“Often referred to as 'child soldiers', these boys and girls suffer extensive forms of exploitation and abuse that are not fully understood in this term,” UNICEF underlines. The warring parties, in fact, use children not only as fighters, but also as explorers, cooks, porters, guards, messengers and more. Many, especially girls, are also subjected to gender-based violence.
According to the latest annual report by the UN Secretary General on minors and armed conflicts, in 2020 the United Nations verified 26,425 serious violations, including the recruitment and use of 8,521 children, an increase compared to the 7,750 cases recorded in 2019.
“Children utilized in hostilities and war have faced unimaginable violence and abuses and need our support to have a second chance in life,” said Fr Gus Baek, director of Salesian Missions, New Rochelle, USA. “In countries around the globe, Salesian missionaries work with former child soldiers so that they may overcome the traumas of war and reintegrate into society.”
For example, in Colombia, one of the countries most afflicted by the phenomenon of child soldiers, the Salesians are active with various centers and programs for their recovery. One of the model centers is in Cali. Upon their arrival at the Don Bosco Center, the young people who are welcomed receive a uniform and the tools that correspond to the profession they have chosen to learn. More importantly, they are given a chance to regain their personal identity and start rebuilding their self-esteem and trust in others. The Salesian center counts on a team of professionals who help the young people to establish a formation plan. Young people can take courses to become electricians, industrial mechanics, auto repair technicians, cooks, tailors, beauticians, welders, IT operators, accountants, librarians, or secretaries. Courses are the cornerstone of development, and young people also learn safety rules there, such as handling machines and products, and undergo life skills training that helps them regain the ability to relate to others as well. There are currently 30 young people who are in training at this center.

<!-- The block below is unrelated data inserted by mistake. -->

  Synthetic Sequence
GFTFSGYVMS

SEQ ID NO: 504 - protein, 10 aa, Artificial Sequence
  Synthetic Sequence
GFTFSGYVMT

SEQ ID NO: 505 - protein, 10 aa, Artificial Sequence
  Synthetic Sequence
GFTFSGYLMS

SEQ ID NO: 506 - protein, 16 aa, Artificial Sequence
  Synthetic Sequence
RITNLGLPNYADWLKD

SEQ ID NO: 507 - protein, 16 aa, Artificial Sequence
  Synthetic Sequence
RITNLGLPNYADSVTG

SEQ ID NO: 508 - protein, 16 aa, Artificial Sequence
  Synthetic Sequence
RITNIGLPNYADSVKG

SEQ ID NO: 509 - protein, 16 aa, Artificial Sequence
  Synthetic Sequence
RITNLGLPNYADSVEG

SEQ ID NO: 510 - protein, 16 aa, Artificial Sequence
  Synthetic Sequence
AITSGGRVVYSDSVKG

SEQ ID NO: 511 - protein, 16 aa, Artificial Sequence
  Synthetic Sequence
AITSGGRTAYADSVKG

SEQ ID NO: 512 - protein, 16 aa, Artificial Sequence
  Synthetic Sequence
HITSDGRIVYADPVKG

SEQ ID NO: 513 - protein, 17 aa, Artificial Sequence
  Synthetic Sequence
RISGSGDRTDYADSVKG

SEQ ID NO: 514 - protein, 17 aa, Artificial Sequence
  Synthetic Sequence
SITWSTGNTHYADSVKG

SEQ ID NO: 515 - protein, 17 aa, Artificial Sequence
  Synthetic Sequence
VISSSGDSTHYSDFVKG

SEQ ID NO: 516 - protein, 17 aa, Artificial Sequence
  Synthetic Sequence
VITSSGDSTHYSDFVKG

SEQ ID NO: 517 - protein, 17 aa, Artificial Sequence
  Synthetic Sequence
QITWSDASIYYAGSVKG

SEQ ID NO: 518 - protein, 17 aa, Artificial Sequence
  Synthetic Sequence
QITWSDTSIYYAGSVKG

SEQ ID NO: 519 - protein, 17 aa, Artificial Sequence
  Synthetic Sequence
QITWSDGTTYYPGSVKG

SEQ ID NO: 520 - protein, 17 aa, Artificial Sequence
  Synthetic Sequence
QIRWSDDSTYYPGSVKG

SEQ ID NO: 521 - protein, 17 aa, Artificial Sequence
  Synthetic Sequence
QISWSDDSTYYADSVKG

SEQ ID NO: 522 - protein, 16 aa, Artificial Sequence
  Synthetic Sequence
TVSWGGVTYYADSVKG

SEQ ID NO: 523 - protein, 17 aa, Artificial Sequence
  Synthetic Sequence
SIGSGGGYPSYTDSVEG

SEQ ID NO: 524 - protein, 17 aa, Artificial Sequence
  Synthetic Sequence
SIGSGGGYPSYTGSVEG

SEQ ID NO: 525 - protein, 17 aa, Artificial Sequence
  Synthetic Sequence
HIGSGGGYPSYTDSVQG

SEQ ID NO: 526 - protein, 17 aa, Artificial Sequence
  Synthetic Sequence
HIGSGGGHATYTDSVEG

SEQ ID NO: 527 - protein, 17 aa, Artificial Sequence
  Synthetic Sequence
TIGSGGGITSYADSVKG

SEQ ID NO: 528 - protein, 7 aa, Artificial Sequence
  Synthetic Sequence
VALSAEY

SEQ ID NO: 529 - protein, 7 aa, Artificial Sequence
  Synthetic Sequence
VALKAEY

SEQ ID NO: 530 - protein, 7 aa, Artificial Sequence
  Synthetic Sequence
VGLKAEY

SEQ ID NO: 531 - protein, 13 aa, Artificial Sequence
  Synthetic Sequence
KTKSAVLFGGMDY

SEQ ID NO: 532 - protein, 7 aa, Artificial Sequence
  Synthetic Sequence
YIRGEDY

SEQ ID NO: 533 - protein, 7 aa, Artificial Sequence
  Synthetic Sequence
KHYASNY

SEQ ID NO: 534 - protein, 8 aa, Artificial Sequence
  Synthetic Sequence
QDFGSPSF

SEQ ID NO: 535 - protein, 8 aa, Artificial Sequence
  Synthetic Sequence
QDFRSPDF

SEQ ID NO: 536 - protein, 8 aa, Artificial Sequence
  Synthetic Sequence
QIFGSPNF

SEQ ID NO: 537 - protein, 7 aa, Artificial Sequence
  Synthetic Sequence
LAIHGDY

But there is more than ‘only’ recovery: prevention is also important. In the city of Bamako, the capital of Mali, the Salesian training center "Père Michael" is bringing joy, providing education, and fostering peace among the children and young people of the Niarela district and the outskirts of the city, functioning as a deterrent for children being recruited as child soldiers. In a country that in the space of 9 months, between 2020 and 2021, has suffered two coups d'état, these young people receive the opportunity to play sports, learn music, study in its library. In this way, they are kept away from the street, from harmful habits such as alcohol or drugs, acquire useful skills for their present and future, grow in safety, and do not fall prey to those who want to use them in conflicts and operations much larger than them.